Molecular Simulation

Understanding the molecular origin of enzyme catalysis is one of the most fundamental problems in molecular biology. The effects of enzymes on the reacting substrates involve varied and complicated energy contributions which depend on the structure of the enzyme-substrate complex. Thus to have a quantitative structure-function relationship is not a trivial matter. In principle, one would like to carry out ab initio quantum mechanical calculations for biomolecules. Unfortunately, such an approach cannot be implemented at present in studies of proteins.

One must therefore resort to some approximations and represent a large part of the system classically. The enzymatic reactions are described by the empirical valence bond (EVB) method, which is probably one of the most practical and consistent approaches for treating chemical reactions both in enzymes and in solution. The basic idea is to represent the overall reaction in terms of various valence bond structures and then to obtain the actual ground state by mixing these structures. The EVB potential surface is calibrated by using accurate gas-phase data or by using experimental information for the corresponding reactions in solution.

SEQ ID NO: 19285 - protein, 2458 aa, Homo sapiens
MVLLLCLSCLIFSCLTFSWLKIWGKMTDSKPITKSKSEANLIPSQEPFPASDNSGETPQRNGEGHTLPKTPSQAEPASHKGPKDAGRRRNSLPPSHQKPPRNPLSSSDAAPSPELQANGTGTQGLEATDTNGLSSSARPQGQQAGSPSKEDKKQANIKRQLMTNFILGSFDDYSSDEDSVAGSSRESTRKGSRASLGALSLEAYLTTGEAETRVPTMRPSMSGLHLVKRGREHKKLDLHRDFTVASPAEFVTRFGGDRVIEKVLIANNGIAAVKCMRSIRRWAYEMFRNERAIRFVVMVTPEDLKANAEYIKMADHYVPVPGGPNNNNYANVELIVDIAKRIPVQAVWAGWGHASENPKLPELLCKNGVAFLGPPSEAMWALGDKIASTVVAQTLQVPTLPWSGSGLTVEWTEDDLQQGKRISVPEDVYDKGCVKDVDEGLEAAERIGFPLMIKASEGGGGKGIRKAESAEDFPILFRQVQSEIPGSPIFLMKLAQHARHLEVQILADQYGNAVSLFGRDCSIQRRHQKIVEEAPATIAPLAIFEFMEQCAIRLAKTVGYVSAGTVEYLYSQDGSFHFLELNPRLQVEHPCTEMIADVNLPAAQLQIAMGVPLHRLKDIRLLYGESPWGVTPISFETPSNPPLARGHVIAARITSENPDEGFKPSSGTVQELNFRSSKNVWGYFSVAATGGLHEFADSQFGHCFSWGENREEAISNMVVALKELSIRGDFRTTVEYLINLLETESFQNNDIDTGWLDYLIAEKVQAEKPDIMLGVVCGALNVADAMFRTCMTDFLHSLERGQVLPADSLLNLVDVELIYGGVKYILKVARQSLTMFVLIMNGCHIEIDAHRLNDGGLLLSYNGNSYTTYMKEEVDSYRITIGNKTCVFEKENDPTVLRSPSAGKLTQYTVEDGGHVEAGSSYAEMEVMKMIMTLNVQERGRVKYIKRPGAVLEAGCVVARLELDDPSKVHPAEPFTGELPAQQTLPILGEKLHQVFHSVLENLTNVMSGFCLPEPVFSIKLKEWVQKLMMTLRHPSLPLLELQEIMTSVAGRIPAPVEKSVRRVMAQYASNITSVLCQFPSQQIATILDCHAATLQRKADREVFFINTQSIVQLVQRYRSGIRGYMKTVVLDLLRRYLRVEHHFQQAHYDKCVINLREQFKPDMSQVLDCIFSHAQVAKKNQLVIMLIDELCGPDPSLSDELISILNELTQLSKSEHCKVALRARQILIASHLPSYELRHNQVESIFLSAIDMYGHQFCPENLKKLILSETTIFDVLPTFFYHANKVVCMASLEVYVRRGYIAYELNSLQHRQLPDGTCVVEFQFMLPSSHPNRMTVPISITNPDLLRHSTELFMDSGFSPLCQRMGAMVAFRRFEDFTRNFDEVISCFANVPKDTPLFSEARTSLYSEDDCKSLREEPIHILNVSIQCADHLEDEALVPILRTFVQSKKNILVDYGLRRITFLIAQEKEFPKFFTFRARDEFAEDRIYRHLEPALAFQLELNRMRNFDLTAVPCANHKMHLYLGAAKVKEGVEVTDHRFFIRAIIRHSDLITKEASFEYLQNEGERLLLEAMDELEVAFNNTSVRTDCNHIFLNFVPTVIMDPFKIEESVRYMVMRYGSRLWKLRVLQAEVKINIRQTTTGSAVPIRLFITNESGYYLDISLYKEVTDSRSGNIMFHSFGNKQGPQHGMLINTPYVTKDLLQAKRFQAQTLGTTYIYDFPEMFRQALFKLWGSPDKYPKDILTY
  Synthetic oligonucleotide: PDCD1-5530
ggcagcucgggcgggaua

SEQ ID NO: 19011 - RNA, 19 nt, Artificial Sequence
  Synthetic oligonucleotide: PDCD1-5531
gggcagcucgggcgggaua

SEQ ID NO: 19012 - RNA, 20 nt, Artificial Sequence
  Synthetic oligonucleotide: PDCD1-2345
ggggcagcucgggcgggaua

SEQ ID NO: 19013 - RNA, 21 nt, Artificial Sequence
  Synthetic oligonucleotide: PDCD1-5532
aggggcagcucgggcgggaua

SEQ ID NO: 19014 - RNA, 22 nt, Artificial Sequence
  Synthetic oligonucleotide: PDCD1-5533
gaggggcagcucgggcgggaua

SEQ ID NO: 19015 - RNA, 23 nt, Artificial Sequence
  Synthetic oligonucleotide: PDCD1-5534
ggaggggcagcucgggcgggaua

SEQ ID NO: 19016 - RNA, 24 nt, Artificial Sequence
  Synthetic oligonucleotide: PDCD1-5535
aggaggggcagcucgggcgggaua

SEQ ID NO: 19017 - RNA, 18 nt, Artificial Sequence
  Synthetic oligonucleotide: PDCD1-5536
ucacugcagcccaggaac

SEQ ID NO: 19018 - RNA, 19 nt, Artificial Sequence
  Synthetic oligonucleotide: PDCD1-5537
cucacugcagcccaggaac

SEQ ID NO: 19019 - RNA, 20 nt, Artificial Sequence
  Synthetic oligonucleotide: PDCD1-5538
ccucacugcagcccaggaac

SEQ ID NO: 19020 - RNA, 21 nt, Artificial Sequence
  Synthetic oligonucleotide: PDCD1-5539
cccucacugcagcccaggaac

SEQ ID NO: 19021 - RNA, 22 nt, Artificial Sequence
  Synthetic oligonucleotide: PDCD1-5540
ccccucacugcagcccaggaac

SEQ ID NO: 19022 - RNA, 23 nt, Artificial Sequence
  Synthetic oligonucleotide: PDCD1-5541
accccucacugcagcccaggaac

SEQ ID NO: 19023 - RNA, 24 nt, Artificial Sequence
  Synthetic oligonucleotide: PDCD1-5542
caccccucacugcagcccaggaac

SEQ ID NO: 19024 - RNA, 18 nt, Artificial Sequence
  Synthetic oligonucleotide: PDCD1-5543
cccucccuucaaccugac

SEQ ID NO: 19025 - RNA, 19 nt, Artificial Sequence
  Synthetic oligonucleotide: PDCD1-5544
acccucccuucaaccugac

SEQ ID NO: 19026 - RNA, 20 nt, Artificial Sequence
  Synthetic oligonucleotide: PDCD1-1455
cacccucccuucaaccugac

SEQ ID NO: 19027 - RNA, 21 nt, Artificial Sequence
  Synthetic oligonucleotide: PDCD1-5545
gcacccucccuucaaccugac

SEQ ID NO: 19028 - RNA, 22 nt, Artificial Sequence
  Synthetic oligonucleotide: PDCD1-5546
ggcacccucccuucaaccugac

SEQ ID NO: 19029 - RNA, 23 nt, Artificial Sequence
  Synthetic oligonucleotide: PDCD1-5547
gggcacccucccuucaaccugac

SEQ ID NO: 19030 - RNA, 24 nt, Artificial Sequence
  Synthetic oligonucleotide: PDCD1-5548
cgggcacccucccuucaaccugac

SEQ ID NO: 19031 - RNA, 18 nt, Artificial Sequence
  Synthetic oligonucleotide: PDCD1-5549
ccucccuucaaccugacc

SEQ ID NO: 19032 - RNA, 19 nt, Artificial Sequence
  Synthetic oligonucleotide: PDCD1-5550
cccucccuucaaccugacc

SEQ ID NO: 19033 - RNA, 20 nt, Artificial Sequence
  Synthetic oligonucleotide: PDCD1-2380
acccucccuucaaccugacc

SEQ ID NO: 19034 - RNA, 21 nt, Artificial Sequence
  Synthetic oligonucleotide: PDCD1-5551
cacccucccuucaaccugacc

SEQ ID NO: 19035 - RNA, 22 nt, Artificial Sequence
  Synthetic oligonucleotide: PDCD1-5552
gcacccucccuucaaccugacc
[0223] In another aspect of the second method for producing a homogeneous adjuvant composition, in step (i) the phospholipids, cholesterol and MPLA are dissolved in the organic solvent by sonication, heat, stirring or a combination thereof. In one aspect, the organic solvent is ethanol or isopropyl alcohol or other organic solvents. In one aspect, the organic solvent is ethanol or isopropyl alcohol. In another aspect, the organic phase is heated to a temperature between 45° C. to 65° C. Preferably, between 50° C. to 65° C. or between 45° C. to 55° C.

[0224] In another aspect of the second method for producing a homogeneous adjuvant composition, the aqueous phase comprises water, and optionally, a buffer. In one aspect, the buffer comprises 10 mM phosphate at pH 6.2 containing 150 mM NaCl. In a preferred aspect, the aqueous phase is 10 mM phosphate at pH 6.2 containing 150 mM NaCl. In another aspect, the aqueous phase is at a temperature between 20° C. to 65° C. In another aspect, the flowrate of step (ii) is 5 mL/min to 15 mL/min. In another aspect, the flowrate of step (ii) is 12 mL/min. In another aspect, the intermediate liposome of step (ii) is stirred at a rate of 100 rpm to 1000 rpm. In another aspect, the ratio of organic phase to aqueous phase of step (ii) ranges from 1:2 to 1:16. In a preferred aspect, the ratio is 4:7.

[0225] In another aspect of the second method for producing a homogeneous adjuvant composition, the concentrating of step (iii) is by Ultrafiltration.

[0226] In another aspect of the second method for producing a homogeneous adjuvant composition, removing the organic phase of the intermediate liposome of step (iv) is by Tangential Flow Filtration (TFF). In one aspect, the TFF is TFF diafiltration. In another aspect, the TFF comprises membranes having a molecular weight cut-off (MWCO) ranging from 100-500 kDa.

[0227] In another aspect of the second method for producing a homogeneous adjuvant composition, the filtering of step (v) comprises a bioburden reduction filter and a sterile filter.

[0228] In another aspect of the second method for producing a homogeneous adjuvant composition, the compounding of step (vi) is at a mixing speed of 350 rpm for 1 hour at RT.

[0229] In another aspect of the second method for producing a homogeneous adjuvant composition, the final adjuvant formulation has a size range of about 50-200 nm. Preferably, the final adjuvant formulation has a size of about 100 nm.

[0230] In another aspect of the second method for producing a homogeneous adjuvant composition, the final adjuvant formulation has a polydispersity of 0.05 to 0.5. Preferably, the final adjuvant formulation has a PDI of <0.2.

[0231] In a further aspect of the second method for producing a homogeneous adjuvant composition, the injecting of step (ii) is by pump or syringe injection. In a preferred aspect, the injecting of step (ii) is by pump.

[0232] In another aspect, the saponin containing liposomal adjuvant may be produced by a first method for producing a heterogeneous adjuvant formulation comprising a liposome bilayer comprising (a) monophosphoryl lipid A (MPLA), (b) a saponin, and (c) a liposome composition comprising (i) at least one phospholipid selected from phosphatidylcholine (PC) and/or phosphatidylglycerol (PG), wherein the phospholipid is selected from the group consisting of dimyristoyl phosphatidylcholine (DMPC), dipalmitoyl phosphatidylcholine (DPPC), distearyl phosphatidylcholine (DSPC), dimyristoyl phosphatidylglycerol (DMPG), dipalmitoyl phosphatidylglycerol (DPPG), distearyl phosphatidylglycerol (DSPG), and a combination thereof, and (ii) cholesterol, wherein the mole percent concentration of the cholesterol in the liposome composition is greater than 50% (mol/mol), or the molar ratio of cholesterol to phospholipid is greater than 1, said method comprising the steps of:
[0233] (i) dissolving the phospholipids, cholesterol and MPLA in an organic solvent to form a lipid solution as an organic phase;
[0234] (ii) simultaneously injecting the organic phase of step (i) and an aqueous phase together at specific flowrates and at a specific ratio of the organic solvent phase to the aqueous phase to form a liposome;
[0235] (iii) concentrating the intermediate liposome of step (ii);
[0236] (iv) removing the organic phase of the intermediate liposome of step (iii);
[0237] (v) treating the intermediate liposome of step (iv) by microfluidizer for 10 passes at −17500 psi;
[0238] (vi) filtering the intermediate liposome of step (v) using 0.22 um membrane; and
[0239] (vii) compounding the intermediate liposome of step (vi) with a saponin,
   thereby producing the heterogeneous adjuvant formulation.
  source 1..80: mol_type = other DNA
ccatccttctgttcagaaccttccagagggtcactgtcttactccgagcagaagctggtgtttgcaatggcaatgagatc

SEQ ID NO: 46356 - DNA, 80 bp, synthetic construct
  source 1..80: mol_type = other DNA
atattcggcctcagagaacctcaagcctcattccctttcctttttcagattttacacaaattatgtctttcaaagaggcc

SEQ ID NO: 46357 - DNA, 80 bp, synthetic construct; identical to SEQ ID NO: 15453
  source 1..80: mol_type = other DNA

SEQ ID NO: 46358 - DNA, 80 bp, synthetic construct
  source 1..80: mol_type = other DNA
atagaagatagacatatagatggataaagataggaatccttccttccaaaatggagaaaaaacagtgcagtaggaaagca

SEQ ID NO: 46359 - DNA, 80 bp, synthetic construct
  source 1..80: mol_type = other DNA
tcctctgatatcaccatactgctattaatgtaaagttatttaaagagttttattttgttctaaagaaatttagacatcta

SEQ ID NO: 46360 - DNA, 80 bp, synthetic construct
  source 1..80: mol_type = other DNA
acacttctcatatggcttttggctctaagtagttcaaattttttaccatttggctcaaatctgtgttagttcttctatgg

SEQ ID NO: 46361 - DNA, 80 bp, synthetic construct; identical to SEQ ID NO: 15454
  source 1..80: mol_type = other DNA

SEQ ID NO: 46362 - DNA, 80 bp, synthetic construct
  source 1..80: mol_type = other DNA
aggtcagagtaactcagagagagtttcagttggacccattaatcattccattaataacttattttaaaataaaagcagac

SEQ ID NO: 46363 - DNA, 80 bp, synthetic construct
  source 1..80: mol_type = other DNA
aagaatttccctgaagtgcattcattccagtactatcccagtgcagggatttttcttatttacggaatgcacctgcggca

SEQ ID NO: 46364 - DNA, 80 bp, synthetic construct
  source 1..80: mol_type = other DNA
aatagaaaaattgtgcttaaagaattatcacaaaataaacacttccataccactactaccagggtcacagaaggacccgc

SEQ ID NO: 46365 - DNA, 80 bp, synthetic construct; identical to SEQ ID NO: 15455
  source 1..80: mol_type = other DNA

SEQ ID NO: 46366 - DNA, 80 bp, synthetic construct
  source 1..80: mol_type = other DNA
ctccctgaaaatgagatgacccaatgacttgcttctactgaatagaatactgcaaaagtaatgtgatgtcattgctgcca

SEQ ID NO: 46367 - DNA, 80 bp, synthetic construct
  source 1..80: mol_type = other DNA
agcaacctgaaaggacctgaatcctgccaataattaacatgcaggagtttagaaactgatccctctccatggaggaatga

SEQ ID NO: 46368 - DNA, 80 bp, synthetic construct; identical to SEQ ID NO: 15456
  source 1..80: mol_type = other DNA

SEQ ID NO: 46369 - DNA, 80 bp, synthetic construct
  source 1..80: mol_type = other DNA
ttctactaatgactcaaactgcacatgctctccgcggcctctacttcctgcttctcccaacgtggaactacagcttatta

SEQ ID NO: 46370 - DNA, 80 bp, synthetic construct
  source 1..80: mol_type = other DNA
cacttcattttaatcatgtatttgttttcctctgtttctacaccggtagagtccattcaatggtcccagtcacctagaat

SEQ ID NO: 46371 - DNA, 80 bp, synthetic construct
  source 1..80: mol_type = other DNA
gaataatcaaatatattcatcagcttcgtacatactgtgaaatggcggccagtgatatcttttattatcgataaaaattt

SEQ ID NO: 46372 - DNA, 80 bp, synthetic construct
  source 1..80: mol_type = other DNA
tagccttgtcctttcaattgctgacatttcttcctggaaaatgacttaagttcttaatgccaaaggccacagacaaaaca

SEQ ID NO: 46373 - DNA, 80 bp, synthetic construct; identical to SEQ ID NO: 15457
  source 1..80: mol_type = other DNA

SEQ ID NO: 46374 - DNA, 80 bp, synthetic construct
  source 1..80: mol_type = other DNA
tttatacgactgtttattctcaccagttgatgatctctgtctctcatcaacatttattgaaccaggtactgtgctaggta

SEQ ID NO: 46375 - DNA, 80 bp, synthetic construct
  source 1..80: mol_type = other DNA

In combination with the free energy perturbation (FEP) method, the EVB-FEP method offers a convenient way to calculate the free energy profile for the enzymatic reactions. We have carried out many EVB-FEP calculations on enzymes such as serine proteinases, aspartate aminotransferase and human carbonic anhydrase I. Recently, we have proposed the quantized classical path (QCP) approach which incorporates the Feynman's path integral into the EVB framework, and offers a convenient way to obtain quantum-mechanical corrections to the rate constants of proton transfer (PT) and hydride transfer reactions in enzymes and in solution. Efforts are also invested in combining the semi-empirical quantum mechanical method such as AM1 with the EVB- FEP approach.

Molecular Simulation

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